Mandatory calorie labelling, allergy labelling reform and a deposit return scheme (DRS) are all threatening “healthy and improving” levels of productivity in the hospitality sector, according to a new report.
The sector’s turnover has reached £130 billion a year, with compound annual growth rate of around 5.5% – better than any other industry over the past eight years, noted UKHospitality in its Future Shocks report, produced in association with CGA.
However, only 28.2% of those involved in the CGA’s business confidence survey felt hospitality is more productive than other sectors. This “relatively downbeat view” is reflective of tough market conditions, UKH noted. Gross value added has also slowed due to major costs pressures, including the national minimum and living wages, rising rents and food price inflation.
Businesses are also being “swamped” by red tape, UKH claimed. UKH was particularly critical of plans to introduce calorie labelling on all out of home menus, calling it “a case study as to how regulation could seriously effect productivity”. The pros and cons of such a policy are still hotly debated – and will be until the government makes a decision.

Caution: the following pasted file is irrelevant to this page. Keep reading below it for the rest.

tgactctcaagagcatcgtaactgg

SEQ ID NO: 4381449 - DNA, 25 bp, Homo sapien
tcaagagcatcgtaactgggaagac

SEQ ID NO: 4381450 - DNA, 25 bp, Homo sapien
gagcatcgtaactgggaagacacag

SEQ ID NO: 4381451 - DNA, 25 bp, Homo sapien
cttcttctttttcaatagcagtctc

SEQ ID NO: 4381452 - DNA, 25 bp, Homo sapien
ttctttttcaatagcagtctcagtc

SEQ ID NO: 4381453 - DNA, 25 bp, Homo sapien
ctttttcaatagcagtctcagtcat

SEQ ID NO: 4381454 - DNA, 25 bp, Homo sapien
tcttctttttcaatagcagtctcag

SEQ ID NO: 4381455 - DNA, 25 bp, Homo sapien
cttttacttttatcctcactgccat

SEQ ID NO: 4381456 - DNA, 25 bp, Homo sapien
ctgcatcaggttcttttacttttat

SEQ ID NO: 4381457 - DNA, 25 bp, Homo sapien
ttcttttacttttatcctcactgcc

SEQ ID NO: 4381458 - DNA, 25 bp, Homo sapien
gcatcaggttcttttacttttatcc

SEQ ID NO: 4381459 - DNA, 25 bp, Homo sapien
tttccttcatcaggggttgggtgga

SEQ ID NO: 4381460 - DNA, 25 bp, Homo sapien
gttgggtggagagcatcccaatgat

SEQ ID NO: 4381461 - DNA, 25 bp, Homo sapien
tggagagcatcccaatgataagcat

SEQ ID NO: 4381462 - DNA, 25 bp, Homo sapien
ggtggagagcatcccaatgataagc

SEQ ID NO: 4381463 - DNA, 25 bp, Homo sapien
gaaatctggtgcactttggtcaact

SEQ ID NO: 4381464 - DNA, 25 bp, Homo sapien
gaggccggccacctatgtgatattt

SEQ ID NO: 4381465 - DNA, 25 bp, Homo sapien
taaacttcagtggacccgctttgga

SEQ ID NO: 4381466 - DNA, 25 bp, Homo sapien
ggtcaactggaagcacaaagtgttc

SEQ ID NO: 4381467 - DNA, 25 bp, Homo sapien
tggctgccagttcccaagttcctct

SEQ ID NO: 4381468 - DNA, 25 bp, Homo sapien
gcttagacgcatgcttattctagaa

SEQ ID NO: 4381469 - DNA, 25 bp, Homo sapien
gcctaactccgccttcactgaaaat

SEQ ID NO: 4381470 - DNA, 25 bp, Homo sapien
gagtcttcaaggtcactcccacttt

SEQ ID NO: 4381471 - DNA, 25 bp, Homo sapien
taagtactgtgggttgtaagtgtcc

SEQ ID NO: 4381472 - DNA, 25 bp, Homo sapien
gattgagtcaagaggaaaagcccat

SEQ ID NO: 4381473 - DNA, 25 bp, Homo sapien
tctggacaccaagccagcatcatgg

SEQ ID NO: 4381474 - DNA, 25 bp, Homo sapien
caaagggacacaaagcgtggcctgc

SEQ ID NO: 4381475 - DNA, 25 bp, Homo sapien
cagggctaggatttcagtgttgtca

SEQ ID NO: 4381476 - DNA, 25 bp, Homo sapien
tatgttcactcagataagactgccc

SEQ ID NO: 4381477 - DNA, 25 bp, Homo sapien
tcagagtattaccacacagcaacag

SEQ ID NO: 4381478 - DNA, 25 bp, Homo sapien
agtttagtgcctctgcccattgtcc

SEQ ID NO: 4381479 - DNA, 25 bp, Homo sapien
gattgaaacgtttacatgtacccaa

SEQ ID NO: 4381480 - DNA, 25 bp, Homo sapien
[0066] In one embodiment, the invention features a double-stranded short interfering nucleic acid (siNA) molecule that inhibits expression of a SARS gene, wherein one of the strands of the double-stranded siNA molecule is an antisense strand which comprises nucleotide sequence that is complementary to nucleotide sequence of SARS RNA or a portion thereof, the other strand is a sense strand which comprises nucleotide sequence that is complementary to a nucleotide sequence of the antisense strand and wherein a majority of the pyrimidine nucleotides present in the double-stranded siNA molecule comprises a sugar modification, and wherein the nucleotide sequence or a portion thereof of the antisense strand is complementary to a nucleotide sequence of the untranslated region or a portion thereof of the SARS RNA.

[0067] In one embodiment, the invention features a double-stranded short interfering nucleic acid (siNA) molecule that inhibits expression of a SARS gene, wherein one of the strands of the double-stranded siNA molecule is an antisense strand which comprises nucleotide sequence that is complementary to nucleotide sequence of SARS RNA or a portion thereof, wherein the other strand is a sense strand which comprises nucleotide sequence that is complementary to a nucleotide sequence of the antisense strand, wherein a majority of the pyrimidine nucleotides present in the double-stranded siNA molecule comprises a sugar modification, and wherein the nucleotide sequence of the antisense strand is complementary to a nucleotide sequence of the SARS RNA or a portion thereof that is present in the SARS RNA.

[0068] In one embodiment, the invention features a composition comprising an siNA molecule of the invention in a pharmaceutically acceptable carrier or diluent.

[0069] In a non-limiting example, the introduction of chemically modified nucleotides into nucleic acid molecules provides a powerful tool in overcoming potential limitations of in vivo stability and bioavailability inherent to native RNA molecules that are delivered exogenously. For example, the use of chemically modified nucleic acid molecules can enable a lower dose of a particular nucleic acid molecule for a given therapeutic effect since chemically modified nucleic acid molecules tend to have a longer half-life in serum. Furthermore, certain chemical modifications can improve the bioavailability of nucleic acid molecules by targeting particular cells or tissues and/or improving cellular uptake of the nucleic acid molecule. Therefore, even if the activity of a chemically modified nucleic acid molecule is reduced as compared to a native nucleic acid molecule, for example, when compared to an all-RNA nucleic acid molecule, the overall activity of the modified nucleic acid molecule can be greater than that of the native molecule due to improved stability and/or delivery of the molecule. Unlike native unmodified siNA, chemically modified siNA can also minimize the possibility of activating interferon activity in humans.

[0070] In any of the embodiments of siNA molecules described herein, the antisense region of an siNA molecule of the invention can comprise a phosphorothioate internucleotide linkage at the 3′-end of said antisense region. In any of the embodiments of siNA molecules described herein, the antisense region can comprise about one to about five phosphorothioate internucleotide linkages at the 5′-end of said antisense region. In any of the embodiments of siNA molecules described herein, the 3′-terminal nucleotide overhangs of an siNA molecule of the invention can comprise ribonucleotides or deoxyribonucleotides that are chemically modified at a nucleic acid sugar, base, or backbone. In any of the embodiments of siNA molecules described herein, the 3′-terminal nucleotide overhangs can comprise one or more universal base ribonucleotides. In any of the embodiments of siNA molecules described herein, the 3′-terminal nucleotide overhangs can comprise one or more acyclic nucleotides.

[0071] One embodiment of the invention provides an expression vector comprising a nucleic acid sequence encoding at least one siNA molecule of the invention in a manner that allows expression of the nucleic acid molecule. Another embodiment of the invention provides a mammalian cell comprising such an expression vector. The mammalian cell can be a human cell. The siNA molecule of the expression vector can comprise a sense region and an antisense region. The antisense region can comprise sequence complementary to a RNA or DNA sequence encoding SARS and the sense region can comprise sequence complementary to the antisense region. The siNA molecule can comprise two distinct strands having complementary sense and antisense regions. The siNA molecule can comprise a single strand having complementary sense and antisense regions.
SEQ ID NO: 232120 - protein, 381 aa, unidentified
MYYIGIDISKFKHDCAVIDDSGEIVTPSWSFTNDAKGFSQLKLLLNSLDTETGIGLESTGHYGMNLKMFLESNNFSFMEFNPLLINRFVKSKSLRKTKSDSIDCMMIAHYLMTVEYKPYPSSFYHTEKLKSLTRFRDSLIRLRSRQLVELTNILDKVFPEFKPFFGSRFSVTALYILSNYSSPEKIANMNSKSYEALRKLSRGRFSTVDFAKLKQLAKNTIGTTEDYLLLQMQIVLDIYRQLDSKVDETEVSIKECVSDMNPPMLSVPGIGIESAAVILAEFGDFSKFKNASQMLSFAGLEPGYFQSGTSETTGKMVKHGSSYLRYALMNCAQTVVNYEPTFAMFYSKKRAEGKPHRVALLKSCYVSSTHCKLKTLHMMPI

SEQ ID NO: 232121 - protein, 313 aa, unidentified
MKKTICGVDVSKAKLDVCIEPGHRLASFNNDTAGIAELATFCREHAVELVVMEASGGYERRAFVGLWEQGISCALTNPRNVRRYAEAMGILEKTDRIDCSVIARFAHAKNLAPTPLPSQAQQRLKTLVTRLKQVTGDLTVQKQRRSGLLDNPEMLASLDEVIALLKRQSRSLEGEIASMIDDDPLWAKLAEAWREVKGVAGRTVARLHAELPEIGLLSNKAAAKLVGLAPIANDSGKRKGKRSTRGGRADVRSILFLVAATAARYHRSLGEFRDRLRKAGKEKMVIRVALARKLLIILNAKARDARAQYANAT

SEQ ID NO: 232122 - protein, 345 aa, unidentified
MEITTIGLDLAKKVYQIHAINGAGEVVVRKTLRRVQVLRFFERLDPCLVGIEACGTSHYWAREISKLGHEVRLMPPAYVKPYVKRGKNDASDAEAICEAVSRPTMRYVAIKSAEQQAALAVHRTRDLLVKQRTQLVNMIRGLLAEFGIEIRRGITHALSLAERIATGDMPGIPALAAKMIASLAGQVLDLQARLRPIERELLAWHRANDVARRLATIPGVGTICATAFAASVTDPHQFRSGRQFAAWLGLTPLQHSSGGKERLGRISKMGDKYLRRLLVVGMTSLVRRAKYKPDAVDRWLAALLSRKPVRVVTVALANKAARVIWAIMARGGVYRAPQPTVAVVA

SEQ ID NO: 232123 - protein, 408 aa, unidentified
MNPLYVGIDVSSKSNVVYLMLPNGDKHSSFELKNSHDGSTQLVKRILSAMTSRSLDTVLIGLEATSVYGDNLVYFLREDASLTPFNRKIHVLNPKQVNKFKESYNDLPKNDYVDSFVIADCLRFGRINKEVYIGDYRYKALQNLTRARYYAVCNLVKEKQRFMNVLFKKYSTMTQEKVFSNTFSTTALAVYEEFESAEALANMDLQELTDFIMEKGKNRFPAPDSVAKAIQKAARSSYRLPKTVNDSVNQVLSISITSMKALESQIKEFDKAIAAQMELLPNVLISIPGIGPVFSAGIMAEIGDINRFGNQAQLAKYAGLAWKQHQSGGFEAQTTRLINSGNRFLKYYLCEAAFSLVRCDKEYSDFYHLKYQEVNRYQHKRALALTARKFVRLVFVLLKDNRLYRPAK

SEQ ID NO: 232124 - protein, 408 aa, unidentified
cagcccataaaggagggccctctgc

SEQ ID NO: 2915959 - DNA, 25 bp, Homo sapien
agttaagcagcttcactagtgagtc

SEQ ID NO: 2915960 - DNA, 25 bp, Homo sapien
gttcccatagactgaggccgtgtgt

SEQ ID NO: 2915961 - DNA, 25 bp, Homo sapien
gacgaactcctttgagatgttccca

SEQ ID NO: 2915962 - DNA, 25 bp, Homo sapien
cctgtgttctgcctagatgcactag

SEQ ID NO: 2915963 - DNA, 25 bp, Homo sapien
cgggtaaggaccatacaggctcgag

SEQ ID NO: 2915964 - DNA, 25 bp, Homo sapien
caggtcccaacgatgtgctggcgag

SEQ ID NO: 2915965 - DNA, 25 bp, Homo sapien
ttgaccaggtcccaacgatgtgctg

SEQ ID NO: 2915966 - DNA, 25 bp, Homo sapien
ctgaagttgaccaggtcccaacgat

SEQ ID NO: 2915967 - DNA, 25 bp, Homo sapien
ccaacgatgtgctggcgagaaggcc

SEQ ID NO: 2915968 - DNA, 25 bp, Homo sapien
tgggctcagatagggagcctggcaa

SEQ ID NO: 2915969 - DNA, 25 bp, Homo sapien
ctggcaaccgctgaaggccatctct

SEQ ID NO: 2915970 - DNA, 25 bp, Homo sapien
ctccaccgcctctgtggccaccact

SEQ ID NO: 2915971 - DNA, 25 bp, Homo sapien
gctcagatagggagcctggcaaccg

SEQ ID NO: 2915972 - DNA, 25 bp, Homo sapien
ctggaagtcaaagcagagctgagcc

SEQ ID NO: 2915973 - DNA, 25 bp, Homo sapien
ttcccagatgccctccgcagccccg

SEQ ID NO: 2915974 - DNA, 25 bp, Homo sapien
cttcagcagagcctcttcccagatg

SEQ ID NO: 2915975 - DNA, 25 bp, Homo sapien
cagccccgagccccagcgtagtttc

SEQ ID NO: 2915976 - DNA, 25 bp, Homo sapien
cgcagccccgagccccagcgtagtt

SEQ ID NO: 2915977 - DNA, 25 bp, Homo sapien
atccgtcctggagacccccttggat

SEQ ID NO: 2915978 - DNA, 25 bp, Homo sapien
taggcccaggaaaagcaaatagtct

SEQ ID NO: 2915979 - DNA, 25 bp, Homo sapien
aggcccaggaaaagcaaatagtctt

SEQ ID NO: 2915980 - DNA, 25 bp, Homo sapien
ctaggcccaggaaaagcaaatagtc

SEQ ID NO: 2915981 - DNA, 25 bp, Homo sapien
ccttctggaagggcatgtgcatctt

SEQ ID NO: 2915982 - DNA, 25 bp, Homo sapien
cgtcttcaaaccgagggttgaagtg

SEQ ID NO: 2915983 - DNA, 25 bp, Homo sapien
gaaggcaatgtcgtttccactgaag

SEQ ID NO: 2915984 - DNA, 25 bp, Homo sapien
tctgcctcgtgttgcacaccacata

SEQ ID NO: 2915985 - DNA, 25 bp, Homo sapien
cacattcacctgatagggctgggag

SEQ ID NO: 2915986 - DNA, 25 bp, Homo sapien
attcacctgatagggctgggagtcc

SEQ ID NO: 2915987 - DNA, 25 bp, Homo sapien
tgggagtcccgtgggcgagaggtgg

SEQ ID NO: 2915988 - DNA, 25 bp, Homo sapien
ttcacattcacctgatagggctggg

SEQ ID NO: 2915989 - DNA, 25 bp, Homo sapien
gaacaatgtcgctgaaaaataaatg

“…there needs to be a balance between what is required to keep our customers safe and secure, and what businesses are already doing themselves effectively without the need for masses more regulation,” UKH noted.
There is also concern about the impact of a DRS on businesses. Plans for a scheme in England, Wales and Northern Ireland will go through a second consultation next year, with rollout unlikely to be before 2023.
Scotland however is pressing ahead – the government has just published draft legislation for its own national scheme that will see a 20p deposit applied to aluminium and steel cans, as well as drinks containers made of glass and PET plastic. This will be “fully operational” by April 1st, 2021 – a “ridiculous” timetable, according to retailers who spoke to The Grocer this week.
The UKH report is available here: